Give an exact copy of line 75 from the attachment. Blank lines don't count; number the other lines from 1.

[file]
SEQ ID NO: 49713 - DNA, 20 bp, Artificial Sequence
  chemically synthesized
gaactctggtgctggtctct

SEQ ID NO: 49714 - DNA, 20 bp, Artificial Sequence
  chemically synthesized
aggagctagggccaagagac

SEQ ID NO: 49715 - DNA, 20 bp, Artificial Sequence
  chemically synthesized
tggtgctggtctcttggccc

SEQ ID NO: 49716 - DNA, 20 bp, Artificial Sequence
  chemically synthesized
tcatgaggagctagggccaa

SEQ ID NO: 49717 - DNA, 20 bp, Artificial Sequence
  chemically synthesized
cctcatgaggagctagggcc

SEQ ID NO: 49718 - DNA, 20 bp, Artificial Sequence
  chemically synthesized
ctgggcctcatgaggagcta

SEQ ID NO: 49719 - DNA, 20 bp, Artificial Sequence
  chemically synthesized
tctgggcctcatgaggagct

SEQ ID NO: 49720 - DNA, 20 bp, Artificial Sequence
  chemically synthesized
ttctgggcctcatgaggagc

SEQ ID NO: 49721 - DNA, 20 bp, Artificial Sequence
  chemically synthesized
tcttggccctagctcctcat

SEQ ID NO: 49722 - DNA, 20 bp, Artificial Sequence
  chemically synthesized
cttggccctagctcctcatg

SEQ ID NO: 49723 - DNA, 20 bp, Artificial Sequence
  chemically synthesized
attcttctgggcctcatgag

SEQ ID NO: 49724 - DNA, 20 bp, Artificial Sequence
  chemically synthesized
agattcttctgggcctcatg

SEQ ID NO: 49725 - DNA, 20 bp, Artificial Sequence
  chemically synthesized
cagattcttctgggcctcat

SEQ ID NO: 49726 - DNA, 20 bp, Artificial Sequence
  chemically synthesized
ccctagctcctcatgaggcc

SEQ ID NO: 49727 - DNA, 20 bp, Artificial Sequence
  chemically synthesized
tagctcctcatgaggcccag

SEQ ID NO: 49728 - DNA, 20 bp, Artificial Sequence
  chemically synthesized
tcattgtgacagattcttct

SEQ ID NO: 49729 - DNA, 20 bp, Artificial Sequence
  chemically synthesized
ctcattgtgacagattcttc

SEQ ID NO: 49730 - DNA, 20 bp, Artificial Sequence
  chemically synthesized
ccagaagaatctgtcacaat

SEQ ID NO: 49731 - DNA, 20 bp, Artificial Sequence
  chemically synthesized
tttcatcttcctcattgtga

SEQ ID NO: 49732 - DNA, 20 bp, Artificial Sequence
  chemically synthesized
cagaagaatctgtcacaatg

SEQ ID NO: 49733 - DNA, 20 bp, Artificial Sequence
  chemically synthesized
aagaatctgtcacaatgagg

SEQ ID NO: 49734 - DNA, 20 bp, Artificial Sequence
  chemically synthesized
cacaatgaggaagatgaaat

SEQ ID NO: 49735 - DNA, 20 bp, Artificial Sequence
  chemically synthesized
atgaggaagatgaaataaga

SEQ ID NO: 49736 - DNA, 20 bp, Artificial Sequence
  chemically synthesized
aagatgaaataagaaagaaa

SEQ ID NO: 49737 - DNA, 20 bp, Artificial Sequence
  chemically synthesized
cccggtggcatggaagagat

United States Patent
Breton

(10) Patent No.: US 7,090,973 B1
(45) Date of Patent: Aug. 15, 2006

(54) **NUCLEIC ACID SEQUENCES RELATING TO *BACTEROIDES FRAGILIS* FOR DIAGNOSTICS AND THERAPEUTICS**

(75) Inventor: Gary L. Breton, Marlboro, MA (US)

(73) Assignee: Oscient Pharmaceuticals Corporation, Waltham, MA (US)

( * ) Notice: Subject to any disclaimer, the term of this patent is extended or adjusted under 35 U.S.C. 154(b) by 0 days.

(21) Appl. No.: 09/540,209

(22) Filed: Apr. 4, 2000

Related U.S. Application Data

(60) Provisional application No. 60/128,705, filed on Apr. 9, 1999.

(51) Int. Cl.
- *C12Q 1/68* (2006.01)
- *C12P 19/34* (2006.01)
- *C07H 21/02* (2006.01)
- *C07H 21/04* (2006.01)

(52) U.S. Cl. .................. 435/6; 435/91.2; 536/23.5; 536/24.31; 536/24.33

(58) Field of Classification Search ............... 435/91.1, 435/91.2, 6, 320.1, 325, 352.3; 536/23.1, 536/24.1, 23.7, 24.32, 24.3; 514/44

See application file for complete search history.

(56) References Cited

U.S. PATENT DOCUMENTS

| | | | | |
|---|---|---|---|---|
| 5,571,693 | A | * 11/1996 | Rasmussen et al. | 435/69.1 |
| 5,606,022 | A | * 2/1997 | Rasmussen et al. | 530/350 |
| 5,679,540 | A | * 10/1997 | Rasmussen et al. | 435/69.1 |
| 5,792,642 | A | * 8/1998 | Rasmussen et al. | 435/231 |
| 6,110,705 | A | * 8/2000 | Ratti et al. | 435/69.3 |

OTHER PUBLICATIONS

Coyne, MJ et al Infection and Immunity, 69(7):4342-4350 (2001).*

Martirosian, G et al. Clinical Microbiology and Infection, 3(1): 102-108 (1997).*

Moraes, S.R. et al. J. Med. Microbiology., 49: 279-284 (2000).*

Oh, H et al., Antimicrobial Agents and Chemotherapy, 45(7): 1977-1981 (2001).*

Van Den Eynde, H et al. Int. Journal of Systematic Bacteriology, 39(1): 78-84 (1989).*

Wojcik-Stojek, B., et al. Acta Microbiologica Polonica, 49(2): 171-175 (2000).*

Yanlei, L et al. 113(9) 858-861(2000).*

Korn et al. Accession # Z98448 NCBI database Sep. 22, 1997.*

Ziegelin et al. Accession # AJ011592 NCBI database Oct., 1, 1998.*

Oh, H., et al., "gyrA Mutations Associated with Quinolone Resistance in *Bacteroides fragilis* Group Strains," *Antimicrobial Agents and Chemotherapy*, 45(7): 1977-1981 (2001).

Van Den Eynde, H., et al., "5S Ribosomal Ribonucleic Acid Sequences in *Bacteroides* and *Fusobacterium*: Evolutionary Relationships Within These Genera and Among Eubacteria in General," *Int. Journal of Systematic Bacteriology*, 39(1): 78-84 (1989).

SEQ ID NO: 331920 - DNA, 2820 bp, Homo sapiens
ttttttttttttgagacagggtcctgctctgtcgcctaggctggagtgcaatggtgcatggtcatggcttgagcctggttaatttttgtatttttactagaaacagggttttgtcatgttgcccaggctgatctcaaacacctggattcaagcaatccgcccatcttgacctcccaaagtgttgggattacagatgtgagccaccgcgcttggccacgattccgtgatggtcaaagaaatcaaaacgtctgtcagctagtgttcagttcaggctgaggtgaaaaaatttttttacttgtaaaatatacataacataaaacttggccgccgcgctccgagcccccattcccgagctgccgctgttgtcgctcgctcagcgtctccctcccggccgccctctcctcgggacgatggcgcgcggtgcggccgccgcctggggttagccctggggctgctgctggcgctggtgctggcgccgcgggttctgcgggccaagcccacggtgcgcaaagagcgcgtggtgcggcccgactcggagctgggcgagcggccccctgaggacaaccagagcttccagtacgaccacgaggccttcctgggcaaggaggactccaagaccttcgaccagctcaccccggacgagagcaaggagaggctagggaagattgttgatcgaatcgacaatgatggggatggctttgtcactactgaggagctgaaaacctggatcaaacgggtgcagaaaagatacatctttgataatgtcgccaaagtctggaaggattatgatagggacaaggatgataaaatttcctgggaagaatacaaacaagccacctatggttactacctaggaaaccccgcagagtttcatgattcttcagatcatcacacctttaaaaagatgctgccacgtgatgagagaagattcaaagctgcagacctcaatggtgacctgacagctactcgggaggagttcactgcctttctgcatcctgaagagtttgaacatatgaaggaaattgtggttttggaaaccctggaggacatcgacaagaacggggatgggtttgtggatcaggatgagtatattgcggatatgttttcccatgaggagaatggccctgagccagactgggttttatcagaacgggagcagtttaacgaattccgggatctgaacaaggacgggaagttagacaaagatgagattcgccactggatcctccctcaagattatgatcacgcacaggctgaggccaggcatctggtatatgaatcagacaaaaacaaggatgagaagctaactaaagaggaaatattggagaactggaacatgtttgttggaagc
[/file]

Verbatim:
cccggtggcatggaagagat